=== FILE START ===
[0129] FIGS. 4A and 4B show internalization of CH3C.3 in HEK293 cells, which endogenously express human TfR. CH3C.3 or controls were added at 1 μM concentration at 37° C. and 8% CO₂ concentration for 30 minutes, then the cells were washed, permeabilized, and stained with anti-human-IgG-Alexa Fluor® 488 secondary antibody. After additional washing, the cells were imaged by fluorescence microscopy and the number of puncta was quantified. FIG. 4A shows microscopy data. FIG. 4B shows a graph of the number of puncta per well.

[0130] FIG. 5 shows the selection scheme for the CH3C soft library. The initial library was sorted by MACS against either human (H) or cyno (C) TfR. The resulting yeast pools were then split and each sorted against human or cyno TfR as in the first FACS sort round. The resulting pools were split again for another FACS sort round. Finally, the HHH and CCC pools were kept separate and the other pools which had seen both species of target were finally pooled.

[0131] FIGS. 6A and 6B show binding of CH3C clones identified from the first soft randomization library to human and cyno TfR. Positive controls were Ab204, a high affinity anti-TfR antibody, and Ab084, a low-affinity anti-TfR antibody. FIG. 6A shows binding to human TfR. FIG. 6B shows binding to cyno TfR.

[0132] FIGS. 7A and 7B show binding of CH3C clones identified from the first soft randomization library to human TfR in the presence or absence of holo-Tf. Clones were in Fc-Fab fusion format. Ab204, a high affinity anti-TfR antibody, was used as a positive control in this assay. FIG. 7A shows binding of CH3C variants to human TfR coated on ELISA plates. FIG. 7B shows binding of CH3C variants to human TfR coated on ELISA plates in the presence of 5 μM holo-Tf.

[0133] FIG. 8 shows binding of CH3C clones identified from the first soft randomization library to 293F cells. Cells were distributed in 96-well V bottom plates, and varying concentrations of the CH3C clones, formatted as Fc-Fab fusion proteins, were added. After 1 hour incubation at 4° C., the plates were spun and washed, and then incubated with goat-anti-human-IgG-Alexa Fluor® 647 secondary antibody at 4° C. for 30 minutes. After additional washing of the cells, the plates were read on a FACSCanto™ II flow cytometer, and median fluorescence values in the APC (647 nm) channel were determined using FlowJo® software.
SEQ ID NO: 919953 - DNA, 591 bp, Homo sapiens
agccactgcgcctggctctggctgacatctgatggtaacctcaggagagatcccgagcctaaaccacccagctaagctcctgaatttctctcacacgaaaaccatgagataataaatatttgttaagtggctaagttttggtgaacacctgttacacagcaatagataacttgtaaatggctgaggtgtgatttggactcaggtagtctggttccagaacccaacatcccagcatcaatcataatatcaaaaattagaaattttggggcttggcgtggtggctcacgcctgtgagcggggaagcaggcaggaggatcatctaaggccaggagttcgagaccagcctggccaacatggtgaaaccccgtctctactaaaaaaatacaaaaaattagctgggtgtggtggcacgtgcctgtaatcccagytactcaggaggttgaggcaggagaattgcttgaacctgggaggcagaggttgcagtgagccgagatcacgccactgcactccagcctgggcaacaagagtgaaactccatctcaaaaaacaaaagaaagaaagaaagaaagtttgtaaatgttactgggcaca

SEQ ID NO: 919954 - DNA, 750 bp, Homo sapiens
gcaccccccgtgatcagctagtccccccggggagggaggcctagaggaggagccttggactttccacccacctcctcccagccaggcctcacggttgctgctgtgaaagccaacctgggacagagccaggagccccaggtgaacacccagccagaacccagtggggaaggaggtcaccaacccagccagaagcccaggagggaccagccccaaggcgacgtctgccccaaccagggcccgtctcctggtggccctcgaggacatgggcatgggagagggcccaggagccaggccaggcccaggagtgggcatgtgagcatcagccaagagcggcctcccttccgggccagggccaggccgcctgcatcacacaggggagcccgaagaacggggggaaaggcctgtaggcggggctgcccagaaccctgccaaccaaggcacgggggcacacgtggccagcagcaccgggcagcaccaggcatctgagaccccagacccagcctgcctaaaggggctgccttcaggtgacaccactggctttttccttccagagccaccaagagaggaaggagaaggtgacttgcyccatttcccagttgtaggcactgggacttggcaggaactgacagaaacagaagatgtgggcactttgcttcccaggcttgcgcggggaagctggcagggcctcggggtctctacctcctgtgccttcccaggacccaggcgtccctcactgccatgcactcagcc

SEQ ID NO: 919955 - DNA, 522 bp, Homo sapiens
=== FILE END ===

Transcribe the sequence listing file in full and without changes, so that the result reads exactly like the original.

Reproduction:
[0129] FIGS. 4A and 4B show internalization of CH3C.3 in HEK293 cells, which endogenously express human TfR. CH3C.3 or controls were added at 1 μM concentration at 37° C. and 8% CO₂ concentration for 30 minutes, then the cells were washed, permeabilized, and stained with anti-human-IgG-Alexa Fluor® 488 secondary antibody. After additional washing, the cells were imaged by fluorescence microscopy and the number of puncta was quantified. FIG. 4A shows microscopy data. FIG. 4B shows a graph of the number of puncta per well.

[0130] FIG. 5 shows the selection scheme for the CH3C soft library. The initial library was sorted by MACS against either human (H) or cyno (C) TfR. The resulting yeast pools were then split and each sorted against human or cyno TfR as in the first FACS sort round. The resulting pools were split again for another FACS sort round. Finally, the HHH and CCC pools were kept separate and the other pools which had seen both species of target were finally pooled.

[0131] FIGS. 6A and 6B show binding of CH3C clones identified from the first soft randomization library to human and cyno TfR. Positive controls were Ab204, a high affinity anti-TfR antibody, and Ab084, a low-affinity anti-TfR antibody. FIG. 6A shows binding to human TfR. FIG. 6B shows binding to cyno TfR.

[0132] FIGS. 7A and 7B show binding of CH3C clones identified from the first soft randomization library to human TfR in the presence or absence of holo-Tf. Clones were in Fc-Fab fusion format. Ab204, a high affinity anti-TfR antibody, was used as a positive control in this assay. FIG. 7A shows binding of CH3C variants to human TfR coated on ELISA plates. FIG. 7B shows binding of CH3C variants to human TfR coated on ELISA plates in the presence of 5 μM holo-Tf.

[0133] FIG. 8 shows binding of CH3C clones identified from the first soft randomization library to 293F cells. Cells were distributed in 96-well V bottom plates, and varying concentrations of the CH3C clones, formatted as Fc-Fab fusion proteins, were added. After 1 hour incubation at 4° C., the plates were spun and washed, and then incubated with goat-anti-human-IgG-Alexa Fluor® 647 secondary antibody at 4° C. for 30 minutes. After additional washing of the cells, the plates were read on a FACSCanto™ II flow cytometer, and median fluorescence values in the APC (647 nm) channel were determined using FlowJo® software.
SEQ ID NO: 919953 - DNA, 591 bp, Homo sapiens
agccactgcgcctggctctggctgacatctgatggtaacctcaggagagatcccgagcctaaaccacccagctaagctcctgaatttctctcacacgaaaaccatgagataataaatatttgttaagtggctaagttttggtgaacacctgttacacagcaatagataacttgtaaatggctgaggtgtgatttggactcaggtagtctggttccagaacccaacatcccagcatcaatcataatatcaaaaattagaaattttggggcttggcgtggtggctcacgcctgtgagcggggaagcaggcaggaggatcatctaaggccaggagttcgagaccagcctggccaacatggtgaaaccccgtctctactaaaaaaatacaaaaaattagctgggtgtggtggcacgtgcctgtaatcccagytactcaggaggttgaggcaggagaattgcttgaacctgggaggcagaggttgcagtgagccgagatcacgccactgcactccagcctgggcaacaagagtgaaactccatctcaaaaaacaaaagaaagaaagaaagaaagtttgtaaatgttactgggcaca

SEQ ID NO: 919954 - DNA, 750 bp, Homo sapiens
gcaccccccgtgatcagctagtccccccggggagggaggcctagaggaggagccttggactttccacccacctcctcccagccaggcctcacggttgctgctgtgaaagccaacctgggacagagccaggagccccaggtgaacacccagccagaacccagtggggaaggaggtcaccaacccagccagaagcccaggagggaccagccccaaggcgacgtctgccccaaccagggcccgtctcctggtggccctcgaggacatgggcatgggagagggcccaggagccaggccaggcccaggagtgggcatgtgagcatcagccaagagcggcctcccttccgggccagggccaggccgcctgcatcacacaggggagcccgaagaacggggggaaaggcctgtaggcggggctgcccagaaccctgccaaccaaggcacgggggcacacgtggccagcagcaccgggcagcaccaggcatctgagaccccagacccagcctgcctaaaggggctgccttcaggtgacaccactggctttttccttccagagccaccaagagaggaaggagaaggtgacttgcyccatttcccagttgtaggcactgggacttggcaggaactgacagaaacagaagatgtgggcactttgcttcccaggcttgcgcggggaagctggcagggcctcggggtctctacctcctgtgccttcccaggacccaggcgtccctcactgccatgcactcagcc

SEQ ID NO: 919955 - DNA, 522 bp, Homo sapiens